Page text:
What does he want to protect his seaside golf resort from with a wall?
        Rapist Mexicans coming across the border?
        No. What he wants protect his seaside golf resort from with a wall, is, and I quote, “global warming and its effects”

  4. Good initiative imo – we need many fronts and much action. We need change and we need urgency. Everything must be used. The time for inaction is over.

  5. Philj 5

    Expunge the word ‘growth’ from all policy makers statements and replace with the term ‘suststainably less’ would be a start.

  6. Draco T Bastard 6

    When a government wilfully abrogates its responsibility to protect its citizens from harm and to secure the future for generations to come, it has failed in its most essential duty of stewardship.

    It is following the logic of capitalism that has destroyed so many previous civilisations. Ours is no different in that respect. The profit drive is pushing us to collapse and taking the environment that supports all life on Earth with it.

    But there is still a sense of inertia that the urgency of our predicament does not warrant.

    Of course there is. Capitalism requires that we continue to destroy the environment for the profits of a few and this government is still an enabler of capitalism.

  7. Brutus Iscariot 7

    The mass action required is a one-off, random lottery cull of 1/3rd of the earth’s population (Thanos style) – and procreation controls on the remainder.

    Anything less won’t be enough to give an inhabitable planet for whoever is left.

    • soddenleaf 7.1

      Disagree. The basic instinct is still there, to not worry about the destruction, to let the belt out and get fatter and stupid all consuming lifestyles, the pattern once embedded of ignoring the hard choices of expertise and choosing gross simplistic delaying tactics reminiscent of concentration camps. yeah, rewarding rent seeking doubled down to reward cruel mindless mass slaughterers

  8. Philj 8

    Brutus. For maximum effect shouldn’t it be the wealthiest 1/3 rd?

    • Brutus Iscariot 8.1

      Randomness is the only fair way. It’s not just about effect on consumption patterns, as it needs to be longitudinal across nations too to some extent.

      If you took the top 1/3rd by wealth or income globally, that’s the richest 2.5bn humans, which i guarantee includes you and me. So Western Europe, North Asia, US, Australasia, all completely empty. You’d also cripple humanity’s collective chances of survival by removing basically all those humans with a decent level of education. Those left would have no idea what they’re doing, including being able to understand the rationale for the original decision and the consequences of screwing up again.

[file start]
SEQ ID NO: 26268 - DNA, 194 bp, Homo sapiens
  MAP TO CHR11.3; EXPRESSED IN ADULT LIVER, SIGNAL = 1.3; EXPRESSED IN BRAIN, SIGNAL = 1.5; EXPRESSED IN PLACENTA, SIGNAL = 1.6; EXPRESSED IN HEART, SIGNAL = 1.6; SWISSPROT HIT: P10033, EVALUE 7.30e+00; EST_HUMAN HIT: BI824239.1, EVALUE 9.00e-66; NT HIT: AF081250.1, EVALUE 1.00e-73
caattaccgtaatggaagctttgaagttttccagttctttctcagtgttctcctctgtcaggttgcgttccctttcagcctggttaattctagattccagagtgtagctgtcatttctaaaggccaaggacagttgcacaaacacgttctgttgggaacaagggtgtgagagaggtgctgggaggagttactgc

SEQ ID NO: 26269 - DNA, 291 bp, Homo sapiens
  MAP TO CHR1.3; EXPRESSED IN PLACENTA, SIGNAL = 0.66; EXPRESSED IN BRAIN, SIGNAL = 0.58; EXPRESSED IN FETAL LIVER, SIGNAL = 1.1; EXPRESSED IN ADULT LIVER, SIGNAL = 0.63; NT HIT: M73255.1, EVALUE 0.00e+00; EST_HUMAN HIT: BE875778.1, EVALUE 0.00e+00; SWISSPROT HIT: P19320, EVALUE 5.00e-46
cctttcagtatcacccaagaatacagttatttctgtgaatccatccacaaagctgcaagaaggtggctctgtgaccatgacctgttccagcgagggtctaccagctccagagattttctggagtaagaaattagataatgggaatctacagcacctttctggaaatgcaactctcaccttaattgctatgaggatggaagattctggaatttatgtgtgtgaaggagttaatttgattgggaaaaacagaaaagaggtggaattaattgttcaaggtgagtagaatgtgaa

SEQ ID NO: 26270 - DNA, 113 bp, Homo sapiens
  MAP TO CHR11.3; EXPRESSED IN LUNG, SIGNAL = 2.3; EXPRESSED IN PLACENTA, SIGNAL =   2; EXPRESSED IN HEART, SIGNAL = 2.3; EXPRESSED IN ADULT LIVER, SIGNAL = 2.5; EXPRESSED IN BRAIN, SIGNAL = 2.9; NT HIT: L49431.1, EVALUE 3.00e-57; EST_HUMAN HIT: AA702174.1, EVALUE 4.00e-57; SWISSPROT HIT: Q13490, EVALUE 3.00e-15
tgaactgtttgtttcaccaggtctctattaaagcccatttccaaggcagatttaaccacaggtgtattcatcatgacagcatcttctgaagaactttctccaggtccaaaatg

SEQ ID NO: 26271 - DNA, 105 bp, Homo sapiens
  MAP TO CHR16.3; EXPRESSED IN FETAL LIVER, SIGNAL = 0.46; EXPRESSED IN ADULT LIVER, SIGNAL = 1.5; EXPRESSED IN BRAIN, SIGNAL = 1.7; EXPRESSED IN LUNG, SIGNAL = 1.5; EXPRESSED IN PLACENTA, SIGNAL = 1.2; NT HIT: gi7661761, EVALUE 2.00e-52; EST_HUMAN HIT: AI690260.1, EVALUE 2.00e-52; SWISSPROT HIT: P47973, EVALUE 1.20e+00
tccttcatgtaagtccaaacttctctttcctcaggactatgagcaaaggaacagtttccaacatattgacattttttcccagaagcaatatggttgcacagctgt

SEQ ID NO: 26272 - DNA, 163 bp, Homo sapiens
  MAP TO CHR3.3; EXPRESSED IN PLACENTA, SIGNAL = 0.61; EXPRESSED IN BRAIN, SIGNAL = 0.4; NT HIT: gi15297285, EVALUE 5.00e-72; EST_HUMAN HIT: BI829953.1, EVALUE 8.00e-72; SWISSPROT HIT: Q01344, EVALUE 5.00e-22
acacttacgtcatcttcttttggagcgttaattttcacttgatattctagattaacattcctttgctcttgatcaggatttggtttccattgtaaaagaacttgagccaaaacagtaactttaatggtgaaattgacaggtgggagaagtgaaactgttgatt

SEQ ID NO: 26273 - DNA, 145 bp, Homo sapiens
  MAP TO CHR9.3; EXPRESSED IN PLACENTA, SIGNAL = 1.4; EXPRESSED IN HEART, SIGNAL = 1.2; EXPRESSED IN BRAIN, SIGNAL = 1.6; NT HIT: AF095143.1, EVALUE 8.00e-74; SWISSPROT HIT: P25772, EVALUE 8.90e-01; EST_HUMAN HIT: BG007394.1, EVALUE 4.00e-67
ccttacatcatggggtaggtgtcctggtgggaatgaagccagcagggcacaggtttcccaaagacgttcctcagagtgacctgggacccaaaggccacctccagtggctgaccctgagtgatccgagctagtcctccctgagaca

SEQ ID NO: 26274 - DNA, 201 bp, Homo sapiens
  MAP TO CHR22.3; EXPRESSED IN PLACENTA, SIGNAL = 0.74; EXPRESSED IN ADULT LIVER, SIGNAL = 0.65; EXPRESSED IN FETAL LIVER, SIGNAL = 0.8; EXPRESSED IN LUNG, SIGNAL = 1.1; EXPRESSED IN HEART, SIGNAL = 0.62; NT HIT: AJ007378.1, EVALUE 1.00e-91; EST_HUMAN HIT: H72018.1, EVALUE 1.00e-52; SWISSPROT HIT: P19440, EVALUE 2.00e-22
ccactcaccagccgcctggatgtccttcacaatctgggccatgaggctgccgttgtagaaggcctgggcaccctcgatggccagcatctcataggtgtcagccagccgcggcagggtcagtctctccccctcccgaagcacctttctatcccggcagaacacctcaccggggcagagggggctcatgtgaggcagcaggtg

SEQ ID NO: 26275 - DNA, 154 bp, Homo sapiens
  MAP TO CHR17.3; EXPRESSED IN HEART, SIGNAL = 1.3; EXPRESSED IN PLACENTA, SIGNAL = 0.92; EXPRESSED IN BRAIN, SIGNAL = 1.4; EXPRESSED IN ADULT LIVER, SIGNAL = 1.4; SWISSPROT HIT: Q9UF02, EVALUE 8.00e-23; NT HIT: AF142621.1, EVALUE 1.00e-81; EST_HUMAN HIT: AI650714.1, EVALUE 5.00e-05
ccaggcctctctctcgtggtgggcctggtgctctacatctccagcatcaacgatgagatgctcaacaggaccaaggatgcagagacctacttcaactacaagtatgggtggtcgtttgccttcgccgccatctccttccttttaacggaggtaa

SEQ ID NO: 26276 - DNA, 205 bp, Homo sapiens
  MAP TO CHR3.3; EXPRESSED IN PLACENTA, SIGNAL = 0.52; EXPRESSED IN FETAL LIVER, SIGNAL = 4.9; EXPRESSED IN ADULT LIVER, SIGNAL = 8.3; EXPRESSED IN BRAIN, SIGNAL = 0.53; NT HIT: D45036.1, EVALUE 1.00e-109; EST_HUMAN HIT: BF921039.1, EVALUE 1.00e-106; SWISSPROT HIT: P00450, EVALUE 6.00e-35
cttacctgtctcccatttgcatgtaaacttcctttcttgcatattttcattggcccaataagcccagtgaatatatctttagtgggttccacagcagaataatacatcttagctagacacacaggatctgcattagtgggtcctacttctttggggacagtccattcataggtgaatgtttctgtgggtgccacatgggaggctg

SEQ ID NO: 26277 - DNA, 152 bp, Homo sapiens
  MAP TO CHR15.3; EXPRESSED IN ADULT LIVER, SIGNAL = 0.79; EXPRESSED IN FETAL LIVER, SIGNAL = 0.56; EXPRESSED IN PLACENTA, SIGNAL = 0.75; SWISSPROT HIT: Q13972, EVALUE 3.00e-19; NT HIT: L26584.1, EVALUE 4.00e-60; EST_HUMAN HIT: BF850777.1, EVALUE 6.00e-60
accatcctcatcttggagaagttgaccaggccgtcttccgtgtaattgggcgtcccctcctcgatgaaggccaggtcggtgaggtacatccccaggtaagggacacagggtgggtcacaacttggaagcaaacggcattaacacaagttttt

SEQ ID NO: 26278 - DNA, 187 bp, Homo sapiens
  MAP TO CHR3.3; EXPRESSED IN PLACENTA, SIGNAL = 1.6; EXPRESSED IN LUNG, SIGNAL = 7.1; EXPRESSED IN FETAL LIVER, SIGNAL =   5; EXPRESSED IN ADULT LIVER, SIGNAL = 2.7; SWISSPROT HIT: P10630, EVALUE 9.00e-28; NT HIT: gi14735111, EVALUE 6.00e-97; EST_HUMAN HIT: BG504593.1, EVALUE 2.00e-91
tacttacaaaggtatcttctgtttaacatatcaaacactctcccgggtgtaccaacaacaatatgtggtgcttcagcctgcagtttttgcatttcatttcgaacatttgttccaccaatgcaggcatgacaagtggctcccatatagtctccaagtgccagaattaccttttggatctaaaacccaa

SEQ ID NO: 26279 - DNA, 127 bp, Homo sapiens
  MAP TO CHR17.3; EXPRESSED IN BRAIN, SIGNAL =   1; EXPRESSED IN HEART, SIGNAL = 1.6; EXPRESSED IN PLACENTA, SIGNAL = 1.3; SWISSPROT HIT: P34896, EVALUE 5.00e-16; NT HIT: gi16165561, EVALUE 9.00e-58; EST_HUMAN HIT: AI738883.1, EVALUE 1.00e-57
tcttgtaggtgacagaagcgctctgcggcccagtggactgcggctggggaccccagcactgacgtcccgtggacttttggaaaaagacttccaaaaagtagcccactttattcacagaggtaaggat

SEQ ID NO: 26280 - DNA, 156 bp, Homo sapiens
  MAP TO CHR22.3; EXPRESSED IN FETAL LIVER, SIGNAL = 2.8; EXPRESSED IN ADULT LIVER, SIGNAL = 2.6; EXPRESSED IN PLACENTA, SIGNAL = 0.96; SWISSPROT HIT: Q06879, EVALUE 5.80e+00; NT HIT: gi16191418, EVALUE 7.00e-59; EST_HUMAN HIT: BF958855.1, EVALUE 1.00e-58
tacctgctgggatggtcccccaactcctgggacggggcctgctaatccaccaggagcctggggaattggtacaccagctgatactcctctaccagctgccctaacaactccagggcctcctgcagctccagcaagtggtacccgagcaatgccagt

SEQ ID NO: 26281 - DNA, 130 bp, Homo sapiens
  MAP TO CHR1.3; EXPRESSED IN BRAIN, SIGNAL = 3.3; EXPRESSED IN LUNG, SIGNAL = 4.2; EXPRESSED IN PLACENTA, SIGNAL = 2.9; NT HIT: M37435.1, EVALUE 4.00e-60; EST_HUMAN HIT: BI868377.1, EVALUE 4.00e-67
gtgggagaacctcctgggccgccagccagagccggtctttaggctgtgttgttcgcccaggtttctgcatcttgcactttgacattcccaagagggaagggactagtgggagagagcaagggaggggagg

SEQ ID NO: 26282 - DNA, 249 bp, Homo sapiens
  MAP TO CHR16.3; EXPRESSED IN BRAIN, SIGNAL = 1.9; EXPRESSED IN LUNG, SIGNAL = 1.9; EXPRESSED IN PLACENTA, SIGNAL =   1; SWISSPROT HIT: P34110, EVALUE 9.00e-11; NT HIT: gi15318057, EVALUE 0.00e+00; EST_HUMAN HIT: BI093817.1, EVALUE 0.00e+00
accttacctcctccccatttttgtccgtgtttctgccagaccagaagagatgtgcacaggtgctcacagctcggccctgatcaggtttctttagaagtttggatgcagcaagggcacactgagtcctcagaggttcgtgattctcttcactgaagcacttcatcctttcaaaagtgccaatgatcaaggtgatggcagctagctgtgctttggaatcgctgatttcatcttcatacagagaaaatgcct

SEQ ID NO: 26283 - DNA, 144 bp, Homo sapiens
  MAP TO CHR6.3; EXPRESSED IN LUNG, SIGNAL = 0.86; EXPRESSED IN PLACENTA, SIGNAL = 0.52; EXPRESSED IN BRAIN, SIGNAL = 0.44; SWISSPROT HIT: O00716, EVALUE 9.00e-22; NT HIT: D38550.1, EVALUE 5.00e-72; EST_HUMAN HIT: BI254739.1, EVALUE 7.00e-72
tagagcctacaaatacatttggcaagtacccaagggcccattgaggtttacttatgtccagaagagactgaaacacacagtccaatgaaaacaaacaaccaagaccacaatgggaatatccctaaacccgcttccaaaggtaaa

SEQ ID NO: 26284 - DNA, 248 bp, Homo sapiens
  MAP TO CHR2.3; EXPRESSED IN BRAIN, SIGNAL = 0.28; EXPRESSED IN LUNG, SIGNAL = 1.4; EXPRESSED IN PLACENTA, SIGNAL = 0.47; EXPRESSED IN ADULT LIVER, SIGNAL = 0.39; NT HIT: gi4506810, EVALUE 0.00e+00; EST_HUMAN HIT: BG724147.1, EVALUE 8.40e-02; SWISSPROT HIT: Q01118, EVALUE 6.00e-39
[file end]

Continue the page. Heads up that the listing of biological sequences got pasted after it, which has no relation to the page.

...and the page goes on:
9. RedLogix 9

    The anti-human murderous side of environmentalism lets the mask slip .. right off.

    Geneticists tell us that the human race has come close to extinction at least twice before. Usually due to mini-ice ages. And due to a dramatic expansion of human wealth, population and inefficient resource use, we may well come close to it again.

    Each of these could be described as an unintended consequence of changes in our environment and way of living, and our fumbled responses to them. Jared Diamond traced this topic in some detail; that human societies do lose their way, and often do end badly. These are the tragedies of history.

    But it seems to me quite a different thing to incorporate into your philosophy the idea that a mass death would be a good thing. That somehow the more people you can eliminate the better. There’s a different word for that ….

    • AB 9.1

      RL – I think Brutus was joking. A grim sort of joke, but grim jokes are one way of coping.
      To go from that to saying that there is a murderous side of environmentalism is some leap. I am pretty certain that if things get really ugly, it won’t be the greenies doing the murdering.

      • RedLogix 9.1.1

        I’d like to think Brutus was joking too; I’m not oblivious to black humour.

        murderous side of environmentalism is some leap.

        It’s a leap I’ve encountered before.